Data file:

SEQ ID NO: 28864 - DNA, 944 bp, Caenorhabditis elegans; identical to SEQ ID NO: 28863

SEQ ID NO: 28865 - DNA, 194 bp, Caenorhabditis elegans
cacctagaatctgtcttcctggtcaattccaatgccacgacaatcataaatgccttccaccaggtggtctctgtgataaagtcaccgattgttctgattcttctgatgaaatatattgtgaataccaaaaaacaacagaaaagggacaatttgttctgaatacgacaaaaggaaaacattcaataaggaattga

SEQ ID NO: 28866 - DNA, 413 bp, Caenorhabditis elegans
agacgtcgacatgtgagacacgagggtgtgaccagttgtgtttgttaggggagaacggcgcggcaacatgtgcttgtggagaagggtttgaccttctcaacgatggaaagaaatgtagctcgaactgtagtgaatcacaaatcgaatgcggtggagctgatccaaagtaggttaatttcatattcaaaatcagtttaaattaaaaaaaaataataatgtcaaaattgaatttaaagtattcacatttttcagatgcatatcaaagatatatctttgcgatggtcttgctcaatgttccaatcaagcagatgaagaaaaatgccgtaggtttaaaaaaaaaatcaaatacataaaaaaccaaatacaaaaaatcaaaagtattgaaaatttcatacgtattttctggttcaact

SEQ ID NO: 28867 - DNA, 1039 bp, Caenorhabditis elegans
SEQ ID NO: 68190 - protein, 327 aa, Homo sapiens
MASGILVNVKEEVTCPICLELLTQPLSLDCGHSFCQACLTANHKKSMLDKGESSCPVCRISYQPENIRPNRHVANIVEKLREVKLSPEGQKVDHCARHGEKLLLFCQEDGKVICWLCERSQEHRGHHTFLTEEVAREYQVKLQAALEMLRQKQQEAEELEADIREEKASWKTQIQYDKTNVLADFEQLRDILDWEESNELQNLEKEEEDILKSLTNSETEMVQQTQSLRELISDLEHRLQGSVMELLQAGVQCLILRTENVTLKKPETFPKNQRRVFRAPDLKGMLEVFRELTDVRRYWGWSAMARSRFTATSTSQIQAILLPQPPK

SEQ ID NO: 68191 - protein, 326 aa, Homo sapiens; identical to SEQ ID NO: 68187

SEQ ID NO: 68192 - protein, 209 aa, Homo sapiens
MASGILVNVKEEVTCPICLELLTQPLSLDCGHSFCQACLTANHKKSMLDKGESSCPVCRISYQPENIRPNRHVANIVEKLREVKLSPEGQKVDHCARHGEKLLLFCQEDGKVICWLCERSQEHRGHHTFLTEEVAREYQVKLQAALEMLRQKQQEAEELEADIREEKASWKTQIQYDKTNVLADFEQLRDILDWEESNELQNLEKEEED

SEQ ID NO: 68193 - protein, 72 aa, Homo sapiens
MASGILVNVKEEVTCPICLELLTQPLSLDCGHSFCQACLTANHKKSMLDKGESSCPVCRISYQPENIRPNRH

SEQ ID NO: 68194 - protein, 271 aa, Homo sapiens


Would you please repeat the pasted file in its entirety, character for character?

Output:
SEQ ID NO: 28864 - DNA, 944 bp, Caenorhabditis elegans; identical to SEQ ID NO: 28863

SEQ ID NO: 28865 - DNA, 194 bp, Caenorhabditis elegans
cacctagaatctgtcttcctggtcaattccaatgccacgacaatcataaatgccttccaccaggtggtctctgtgataaagtcaccgattgttctgattcttctgatgaaatatattgtgaataccaaaaaacaacagaaaagggacaatttgttctgaatacgacaaaaggaaaacattcaataaggaattga

SEQ ID NO: 28866 - DNA, 413 bp, Caenorhabditis elegans
agacgtcgacatgtgagacacgagggtgtgaccagttgtgtttgttaggggagaacggcgcggcaacatgtgcttgtggagaagggtttgaccttctcaacgatggaaagaaatgtagctcgaactgtagtgaatcacaaatcgaatgcggtggagctgatccaaagtaggttaatttcatattcaaaatcagtttaaattaaaaaaaaataataatgtcaaaattgaatttaaagtattcacatttttcagatgcatatcaaagatatatctttgcgatggtcttgctcaatgttccaatcaagcagatgaagaaaaatgccgtaggtttaaaaaaaaaatcaaatacataaaaaaccaaatacaaaaaatcaaaagtattgaaaatttcatacgtattttctggttcaact

SEQ ID NO: 28867 - DNA, 1039 bp, Caenorhabditis elegans
SEQ ID NO: 68190 - protein, 327 aa, Homo sapiens
MASGILVNVKEEVTCPICLELLTQPLSLDCGHSFCQACLTANHKKSMLDKGESSCPVCRISYQPENIRPNRHVANIVEKLREVKLSPEGQKVDHCARHGEKLLLFCQEDGKVICWLCERSQEHRGHHTFLTEEVAREYQVKLQAALEMLRQKQQEAEELEADIREEKASWKTQIQYDKTNVLADFEQLRDILDWEESNELQNLEKEEEDILKSLTNSETEMVQQTQSLRELISDLEHRLQGSVMELLQAGVQCLILRTENVTLKKPETFPKNQRRVFRAPDLKGMLEVFRELTDVRRYWGWSAMARSRFTATSTSQIQAILLPQPPK

SEQ ID NO: 68191 - protein, 326 aa, Homo sapiens; identical to SEQ ID NO: 68187

SEQ ID NO: 68192 - protein, 209 aa, Homo sapiens
MASGILVNVKEEVTCPICLELLTQPLSLDCGHSFCQACLTANHKKSMLDKGESSCPVCRISYQPENIRPNRHVANIVEKLREVKLSPEGQKVDHCARHGEKLLLFCQEDGKVICWLCERSQEHRGHHTFLTEEVAREYQVKLQAALEMLRQKQQEAEELEADIREEKASWKTQIQYDKTNVLADFEQLRDILDWEESNELQNLEKEEED

SEQ ID NO: 68193 - protein, 72 aa, Homo sapiens
MASGILVNVKEEVTCPICLELLTQPLSLDCGHSFCQACLTANHKKSMLDKGESSCPVCRISYQPENIRPNRH

SEQ ID NO: 68194 - protein, 271 aa, Homo sapiens